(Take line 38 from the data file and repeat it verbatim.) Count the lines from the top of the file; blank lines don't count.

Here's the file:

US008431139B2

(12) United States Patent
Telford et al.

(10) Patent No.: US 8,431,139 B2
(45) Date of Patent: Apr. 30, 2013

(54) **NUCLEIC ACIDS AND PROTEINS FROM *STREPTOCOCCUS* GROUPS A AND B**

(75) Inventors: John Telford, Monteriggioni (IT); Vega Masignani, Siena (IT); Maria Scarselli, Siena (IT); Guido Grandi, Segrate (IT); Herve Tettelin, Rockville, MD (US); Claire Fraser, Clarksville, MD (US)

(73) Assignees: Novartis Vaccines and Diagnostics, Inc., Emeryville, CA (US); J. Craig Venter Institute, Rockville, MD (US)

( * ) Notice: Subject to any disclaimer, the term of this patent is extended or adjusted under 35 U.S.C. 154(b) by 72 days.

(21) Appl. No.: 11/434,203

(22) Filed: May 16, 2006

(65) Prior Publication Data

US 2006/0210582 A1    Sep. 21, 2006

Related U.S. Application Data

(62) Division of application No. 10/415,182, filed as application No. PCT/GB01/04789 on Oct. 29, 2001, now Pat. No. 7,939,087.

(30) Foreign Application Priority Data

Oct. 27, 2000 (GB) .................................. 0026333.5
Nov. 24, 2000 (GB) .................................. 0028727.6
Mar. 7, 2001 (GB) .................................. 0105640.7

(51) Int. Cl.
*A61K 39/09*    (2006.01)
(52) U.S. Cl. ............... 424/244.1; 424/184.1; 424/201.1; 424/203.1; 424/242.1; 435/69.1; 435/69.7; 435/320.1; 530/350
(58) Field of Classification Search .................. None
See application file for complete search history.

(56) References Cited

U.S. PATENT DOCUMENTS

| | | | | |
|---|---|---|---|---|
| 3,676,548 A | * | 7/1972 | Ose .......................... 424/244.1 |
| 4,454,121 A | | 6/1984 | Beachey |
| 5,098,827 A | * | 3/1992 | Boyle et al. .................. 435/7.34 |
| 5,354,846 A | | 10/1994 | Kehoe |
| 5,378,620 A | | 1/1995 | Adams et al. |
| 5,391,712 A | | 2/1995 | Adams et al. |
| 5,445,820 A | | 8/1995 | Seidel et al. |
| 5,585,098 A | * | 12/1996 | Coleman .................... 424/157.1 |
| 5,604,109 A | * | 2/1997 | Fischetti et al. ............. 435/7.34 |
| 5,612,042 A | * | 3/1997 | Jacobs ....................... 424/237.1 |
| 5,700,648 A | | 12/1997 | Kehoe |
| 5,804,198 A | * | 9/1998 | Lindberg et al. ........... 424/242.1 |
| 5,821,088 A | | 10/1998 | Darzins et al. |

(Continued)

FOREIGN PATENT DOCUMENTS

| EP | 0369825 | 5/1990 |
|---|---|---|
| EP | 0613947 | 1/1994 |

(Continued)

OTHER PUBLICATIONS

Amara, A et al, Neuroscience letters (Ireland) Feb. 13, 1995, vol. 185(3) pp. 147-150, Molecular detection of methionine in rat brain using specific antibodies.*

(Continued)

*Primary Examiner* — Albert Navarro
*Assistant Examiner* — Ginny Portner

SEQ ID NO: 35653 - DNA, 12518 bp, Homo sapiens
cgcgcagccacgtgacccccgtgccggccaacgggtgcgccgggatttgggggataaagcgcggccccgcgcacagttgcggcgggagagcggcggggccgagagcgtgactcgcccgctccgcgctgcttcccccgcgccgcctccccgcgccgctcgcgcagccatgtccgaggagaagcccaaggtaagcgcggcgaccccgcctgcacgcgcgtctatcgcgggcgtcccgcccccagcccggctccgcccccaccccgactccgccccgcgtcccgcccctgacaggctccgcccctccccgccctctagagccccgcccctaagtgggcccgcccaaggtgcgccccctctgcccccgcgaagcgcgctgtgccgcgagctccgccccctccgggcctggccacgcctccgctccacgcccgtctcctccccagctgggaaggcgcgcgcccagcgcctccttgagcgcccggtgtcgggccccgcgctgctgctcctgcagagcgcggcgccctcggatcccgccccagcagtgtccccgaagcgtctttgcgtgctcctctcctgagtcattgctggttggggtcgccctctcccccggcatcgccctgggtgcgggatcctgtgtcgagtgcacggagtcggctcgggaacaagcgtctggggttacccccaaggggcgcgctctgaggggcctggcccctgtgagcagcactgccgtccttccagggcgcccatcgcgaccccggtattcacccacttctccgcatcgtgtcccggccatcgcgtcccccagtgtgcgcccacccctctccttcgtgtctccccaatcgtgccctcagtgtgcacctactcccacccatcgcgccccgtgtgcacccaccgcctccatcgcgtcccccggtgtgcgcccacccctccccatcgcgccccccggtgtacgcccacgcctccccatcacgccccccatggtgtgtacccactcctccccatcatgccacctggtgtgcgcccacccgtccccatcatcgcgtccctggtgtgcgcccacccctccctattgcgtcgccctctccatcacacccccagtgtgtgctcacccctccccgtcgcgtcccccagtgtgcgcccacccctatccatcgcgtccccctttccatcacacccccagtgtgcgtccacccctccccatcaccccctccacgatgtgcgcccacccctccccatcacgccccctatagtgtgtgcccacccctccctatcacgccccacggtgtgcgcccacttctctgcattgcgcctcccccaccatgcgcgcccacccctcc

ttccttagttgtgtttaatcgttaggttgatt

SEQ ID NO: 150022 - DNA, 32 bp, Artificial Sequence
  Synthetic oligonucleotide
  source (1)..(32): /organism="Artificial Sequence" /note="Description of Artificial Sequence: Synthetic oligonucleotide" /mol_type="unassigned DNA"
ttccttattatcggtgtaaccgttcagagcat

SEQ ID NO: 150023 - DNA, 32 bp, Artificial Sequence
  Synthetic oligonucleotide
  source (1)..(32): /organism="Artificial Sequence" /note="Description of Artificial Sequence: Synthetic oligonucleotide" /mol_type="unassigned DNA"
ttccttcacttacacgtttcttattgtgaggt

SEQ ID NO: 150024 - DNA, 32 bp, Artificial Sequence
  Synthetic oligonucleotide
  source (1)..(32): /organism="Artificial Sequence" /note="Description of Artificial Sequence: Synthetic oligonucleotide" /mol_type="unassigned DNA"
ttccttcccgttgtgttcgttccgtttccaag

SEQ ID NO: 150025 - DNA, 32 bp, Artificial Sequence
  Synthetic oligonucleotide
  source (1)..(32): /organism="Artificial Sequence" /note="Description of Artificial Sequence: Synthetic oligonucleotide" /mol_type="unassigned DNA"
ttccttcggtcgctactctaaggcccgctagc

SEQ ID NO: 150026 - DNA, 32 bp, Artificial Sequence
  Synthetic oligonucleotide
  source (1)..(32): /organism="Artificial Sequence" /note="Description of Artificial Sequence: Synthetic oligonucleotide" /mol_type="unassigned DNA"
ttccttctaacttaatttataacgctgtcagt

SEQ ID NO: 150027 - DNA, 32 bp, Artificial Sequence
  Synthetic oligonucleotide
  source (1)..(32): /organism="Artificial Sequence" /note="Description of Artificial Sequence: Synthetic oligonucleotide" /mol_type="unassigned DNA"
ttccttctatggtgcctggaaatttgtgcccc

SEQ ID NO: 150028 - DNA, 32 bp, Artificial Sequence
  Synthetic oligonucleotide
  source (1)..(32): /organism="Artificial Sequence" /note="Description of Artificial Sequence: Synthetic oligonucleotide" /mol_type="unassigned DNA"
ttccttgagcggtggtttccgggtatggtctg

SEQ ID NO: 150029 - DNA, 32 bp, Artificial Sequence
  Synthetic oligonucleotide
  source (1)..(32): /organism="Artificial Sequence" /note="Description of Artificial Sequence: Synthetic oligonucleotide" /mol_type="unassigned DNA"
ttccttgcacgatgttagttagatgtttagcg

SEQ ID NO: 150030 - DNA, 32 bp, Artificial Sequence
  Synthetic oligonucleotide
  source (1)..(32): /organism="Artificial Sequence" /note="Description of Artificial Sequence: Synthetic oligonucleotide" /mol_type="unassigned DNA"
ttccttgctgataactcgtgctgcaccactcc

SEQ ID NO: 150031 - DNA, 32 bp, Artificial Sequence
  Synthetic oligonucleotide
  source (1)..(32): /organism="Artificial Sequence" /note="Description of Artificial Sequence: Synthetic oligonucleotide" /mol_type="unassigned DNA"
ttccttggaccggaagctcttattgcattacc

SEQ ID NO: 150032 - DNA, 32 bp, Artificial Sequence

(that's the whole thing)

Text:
| 5,612,042 A | * | 3/1997 | Jacobs ....................... 424/237.1 |